ALBUM REVIEW: Creedence Clearwater Revival Lives up to the Legend on ‘Live at Woodstock’

A visceral document of a band at the peak of its prowess, and only getting better.

Fans of Creedence Clearwater Revival, a group considered by many (myself included) to be one of the greatest American bands to walk the earth, have waited a long time to hear their set from Woodstock. Was it worth the wait? The answer is an unqualified “YES!,” with an added, “What took so long?!”

We’ll probably never know the answer to the second question, given how many published variations of those reasons exist. All of that is moot now. What remains now is to simply play the record (loudly!) and celebrate it finally seeing the light of day.

To put this concert in its proper context: in the Summer of ’69, Creedence was touring in support of their third album, Green River, which had come out mere days before the now-legendary festival. With three tremendous records and years of playing together under their belts, Creedence was finally reaping the fruits of their labor. This was a band whose time had come and the sweetheart headlining slot for Saturday night was to be their golden ticket to superstardom.

(Before I get to the next paragraph, isn’t it hard to imagine a time when songs like “Fortunate Son,” “Down on the Corner” and “Who’ll Stop the Rain” didn’t yet exist? I was born half a year after this concert, and CCR has been a part of my life from day one, so the concept is kind of surreal.)

Except it didn’t happen that way. Reality crashed the show in the form of delays, technical difficulties, and a Grateful Dead set that went way over time and put much of the crowd to sleep (a common occurrence at Dead shows, or so I’m told).

Creedence responds to these challenges with raging aplomb. Starting the show, as they normally did, with the barn-burner “Born on the Bayou,” the band flies out the gate on almost all four cylinders. Apparent technical difficulties forced Creedence to play as a trio while Tom Fogerty’s rhythm guitar is somehow missing from the mix (foreshadowing things to come in a little over a year after this performance). About halfway through the song, the his guitar chimes in and the Fogerty brothers’ twin-guitar attack rings loud and clear.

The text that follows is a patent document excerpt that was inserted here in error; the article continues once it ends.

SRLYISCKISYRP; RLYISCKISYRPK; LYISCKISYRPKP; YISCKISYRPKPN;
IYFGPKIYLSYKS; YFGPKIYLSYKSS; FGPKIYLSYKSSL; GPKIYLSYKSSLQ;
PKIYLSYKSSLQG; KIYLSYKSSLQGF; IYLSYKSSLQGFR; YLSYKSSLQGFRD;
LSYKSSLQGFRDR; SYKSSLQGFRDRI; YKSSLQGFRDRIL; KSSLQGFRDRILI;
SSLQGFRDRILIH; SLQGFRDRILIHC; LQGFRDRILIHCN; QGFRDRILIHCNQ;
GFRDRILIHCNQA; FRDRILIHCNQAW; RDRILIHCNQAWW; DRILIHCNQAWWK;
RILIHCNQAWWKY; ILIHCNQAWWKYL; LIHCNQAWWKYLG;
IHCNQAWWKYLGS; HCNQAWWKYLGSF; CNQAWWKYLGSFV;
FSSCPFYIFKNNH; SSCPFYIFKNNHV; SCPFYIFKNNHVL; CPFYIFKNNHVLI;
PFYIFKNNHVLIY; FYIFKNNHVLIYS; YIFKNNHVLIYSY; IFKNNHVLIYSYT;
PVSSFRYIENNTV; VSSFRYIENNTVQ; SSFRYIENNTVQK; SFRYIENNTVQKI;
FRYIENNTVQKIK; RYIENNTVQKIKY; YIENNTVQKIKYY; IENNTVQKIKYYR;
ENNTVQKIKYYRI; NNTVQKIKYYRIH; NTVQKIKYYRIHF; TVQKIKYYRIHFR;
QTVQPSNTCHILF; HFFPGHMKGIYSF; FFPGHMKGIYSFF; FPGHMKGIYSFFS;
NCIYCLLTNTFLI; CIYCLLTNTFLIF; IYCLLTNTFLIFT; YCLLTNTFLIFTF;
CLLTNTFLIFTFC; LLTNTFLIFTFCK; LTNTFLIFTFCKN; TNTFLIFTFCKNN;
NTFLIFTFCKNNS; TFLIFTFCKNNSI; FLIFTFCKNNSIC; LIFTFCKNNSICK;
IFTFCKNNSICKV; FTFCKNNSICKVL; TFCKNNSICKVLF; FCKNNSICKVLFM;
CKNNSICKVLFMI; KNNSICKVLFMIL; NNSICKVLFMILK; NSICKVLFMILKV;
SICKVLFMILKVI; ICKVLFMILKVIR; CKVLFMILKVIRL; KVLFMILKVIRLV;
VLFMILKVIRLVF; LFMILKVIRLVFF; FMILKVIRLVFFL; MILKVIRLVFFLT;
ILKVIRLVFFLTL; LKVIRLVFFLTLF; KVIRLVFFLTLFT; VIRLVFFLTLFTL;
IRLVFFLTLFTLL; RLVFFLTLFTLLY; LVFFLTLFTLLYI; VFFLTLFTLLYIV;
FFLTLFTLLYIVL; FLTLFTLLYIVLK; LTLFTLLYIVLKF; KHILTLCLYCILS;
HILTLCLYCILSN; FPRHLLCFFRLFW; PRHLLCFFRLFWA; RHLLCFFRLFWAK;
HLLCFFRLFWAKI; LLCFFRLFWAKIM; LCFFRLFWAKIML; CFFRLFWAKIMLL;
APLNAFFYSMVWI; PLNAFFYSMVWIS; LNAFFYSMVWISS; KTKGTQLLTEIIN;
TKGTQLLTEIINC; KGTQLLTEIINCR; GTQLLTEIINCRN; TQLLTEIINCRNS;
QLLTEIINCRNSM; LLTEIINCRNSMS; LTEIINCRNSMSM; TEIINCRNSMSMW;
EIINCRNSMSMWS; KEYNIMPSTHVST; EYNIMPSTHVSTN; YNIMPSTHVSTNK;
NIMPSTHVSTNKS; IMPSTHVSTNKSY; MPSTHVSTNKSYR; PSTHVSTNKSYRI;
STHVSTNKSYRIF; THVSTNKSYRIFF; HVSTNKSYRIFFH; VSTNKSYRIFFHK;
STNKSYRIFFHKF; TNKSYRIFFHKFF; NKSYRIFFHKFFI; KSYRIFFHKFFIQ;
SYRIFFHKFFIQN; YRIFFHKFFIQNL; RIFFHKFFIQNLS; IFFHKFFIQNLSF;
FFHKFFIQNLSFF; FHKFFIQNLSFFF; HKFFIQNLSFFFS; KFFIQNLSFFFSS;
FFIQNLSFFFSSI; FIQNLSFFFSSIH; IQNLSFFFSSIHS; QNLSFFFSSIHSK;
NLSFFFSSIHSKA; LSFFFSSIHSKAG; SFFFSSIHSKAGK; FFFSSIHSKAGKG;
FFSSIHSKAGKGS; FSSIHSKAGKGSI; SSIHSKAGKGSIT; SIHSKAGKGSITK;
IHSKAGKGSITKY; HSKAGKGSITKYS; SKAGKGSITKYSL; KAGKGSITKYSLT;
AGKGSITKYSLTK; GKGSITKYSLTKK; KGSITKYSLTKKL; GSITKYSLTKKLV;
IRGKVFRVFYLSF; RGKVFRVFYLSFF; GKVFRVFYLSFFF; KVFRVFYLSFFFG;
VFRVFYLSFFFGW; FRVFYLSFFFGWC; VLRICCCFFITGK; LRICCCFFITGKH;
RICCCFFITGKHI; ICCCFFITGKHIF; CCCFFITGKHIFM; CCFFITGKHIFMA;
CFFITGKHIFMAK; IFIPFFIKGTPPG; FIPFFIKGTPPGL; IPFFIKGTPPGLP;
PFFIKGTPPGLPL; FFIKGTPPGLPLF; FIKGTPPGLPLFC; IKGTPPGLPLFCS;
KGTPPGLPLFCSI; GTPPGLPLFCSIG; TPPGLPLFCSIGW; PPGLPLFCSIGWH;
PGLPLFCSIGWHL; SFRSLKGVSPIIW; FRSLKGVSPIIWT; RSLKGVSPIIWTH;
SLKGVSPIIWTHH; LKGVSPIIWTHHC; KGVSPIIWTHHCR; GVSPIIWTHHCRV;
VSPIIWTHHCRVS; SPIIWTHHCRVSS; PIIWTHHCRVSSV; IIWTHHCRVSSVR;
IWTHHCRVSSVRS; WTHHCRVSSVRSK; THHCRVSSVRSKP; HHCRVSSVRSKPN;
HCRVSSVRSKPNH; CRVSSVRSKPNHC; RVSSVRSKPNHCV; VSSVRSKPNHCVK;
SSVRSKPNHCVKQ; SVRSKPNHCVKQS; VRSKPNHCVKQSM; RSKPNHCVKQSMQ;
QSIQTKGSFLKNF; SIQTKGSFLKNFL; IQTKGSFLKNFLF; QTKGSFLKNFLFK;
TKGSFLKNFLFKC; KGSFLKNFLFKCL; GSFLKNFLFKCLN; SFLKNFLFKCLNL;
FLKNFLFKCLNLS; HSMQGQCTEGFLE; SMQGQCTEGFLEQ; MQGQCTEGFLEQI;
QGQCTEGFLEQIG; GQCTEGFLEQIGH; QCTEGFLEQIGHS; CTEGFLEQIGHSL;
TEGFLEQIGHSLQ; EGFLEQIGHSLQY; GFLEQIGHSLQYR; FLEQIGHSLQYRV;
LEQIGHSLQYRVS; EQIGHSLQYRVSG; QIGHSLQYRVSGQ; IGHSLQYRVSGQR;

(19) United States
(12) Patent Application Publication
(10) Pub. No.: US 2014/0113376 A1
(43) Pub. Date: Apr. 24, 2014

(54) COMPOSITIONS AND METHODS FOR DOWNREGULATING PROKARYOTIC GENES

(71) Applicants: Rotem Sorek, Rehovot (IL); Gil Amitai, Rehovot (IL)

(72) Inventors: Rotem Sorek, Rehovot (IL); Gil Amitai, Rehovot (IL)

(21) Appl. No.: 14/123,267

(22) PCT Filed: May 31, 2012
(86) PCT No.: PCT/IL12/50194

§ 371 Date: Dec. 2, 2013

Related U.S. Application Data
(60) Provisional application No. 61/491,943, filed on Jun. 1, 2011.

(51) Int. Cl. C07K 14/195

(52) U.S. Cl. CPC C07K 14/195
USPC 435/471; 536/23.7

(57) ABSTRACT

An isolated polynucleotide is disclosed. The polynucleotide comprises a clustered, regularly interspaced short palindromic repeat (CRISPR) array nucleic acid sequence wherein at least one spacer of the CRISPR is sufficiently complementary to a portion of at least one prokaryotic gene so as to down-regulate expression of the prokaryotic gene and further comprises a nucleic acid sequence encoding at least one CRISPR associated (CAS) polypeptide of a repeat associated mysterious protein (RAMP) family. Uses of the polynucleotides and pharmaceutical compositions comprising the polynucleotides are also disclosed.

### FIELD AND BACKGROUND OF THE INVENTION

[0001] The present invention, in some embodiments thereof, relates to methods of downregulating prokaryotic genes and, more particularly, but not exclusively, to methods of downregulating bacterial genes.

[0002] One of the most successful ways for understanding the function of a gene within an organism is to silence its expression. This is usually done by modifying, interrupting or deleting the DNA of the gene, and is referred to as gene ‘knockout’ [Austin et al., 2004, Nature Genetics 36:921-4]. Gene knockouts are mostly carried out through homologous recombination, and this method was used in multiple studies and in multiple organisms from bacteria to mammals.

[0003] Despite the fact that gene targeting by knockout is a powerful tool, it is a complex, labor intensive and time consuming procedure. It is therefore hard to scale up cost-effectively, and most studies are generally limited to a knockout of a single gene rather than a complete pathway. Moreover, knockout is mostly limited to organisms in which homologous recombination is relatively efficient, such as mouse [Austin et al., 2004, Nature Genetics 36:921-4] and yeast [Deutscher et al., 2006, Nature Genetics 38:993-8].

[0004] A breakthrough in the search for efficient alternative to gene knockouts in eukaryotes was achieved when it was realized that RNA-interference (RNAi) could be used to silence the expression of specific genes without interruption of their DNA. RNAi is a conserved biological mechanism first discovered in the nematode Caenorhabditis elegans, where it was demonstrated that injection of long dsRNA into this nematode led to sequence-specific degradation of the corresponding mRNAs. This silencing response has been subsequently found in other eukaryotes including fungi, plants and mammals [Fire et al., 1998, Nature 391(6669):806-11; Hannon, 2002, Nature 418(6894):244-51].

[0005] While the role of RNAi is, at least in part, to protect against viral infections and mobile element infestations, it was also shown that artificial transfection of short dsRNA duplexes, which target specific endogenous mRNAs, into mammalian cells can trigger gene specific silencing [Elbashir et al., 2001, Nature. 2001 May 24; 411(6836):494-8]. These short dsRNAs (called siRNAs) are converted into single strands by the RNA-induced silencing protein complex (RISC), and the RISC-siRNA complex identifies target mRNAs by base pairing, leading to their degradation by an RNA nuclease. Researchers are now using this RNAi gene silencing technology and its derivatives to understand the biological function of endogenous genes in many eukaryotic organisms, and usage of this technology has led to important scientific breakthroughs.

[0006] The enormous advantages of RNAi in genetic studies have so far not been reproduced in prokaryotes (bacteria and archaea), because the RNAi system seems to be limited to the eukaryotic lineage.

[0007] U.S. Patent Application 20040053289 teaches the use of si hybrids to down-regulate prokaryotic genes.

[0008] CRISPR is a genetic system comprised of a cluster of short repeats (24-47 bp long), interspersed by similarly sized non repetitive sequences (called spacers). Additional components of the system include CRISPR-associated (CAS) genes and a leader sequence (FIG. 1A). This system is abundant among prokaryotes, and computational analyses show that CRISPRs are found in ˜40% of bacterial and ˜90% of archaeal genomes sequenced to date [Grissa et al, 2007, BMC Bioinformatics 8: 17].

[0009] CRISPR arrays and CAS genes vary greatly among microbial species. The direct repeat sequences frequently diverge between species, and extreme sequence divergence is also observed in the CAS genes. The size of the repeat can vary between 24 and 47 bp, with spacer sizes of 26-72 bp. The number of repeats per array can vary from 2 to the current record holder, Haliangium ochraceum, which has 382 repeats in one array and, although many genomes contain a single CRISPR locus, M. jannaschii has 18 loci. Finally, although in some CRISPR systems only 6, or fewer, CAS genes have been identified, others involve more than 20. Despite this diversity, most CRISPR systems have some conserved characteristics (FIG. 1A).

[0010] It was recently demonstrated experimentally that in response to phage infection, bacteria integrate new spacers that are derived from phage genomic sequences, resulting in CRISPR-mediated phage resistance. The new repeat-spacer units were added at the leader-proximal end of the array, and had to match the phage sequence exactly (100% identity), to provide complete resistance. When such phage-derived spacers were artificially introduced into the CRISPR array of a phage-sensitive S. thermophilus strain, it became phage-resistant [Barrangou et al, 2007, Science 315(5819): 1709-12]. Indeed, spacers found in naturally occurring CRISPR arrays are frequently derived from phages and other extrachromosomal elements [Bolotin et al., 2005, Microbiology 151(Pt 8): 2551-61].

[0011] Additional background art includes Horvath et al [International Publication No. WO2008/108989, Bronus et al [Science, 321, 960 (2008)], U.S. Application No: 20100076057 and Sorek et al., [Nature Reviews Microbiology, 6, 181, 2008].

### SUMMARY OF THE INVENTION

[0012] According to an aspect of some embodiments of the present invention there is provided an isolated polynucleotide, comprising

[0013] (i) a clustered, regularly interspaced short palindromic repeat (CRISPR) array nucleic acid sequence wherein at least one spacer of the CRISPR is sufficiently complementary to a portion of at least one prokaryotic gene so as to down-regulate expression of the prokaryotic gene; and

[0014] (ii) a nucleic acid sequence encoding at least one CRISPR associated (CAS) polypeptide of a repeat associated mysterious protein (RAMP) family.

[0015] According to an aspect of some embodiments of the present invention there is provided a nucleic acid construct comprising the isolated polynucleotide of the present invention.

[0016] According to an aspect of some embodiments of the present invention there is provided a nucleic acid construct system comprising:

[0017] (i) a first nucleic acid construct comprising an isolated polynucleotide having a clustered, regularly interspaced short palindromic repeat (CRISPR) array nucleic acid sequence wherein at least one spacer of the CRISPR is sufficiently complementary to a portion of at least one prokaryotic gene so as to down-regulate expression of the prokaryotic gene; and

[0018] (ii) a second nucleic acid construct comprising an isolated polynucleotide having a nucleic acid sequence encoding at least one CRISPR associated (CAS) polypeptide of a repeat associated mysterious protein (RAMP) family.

This is as good a place as any to state that Tom Fogerty’s rhythm guitar was as integral to the sound of Creedence as anything else in this great band’s chemistry. I would even go so far as to say it was the most important element. His rock-solid playing lays the foundation for one of the heaviest rhythm sections in rock & roll—Stu Cook and Doug Clifford—and allows brother John to wail in every sense of the word while the engine that is the band continues to chug along. Kudos to the reissue producers for highlighting Tom Fogerty’s playing throughout this concert.

This performance is so incendiary it’s not a stretch to say that some of these tracks have even greater intensity than their corresponding album versions; no small feat given John Fogerty’s studio perfectionism. This is especially true of gems like “Commotion”—which is as close to punk as Creedence ever got—“The Night Time is the Right Time”—proving John Fogerty is one of the greatest shouters of his generation—and “Bootleg”—which is probably the best showcase of Tom Fogerty’s aforementioned rhythm guitar skills.

But the intensity gets knocked to the stratosphere by the show closer and encore, respectively, “Keep on Chooglin’” and “Suzie Q.”

Music doesn’t get much simpler than the one-chord boogie of “Chooglin” and it’s a testament to this band that they can play it for 10 minutes and leave you breathless. Not an easy task. Most other bands would’ve run out of steam before the second minute. Not Creedence. Tom plays that E7 chord with laser-like focus, Cook and Clifford supply the beat without a single misstep, while John wails, shouts and plays like his life depends on it. This was a band that was as tight on the road as they were in the studio, and you can hear it.

“Suzie Q” closes everything with another ferocious extended jam, with Creedence playing with the same passion and fire with which they started the show.

Simply stated, Live At Woodstock is a visceral document of a band at the peak of its prowess, and only getting better. As a live album, it annihilates the other two official recordings currently available. This one ranks right up there with the Jimi Hendrix set (available in all kinds of formats) and the Sly & The Family Stone set (out of print but available digitally) as essential sets to own from Woodstock.

If you’re a Creedence fan, you absolutely need this album. If all you’ve ever heard from Creedence is what gets played on classic rock radio, then buy this album and hear the legend explained musically by four guys playing as one unstoppable unit.

Score: ☮️☮️☮️☮️☮️ / 5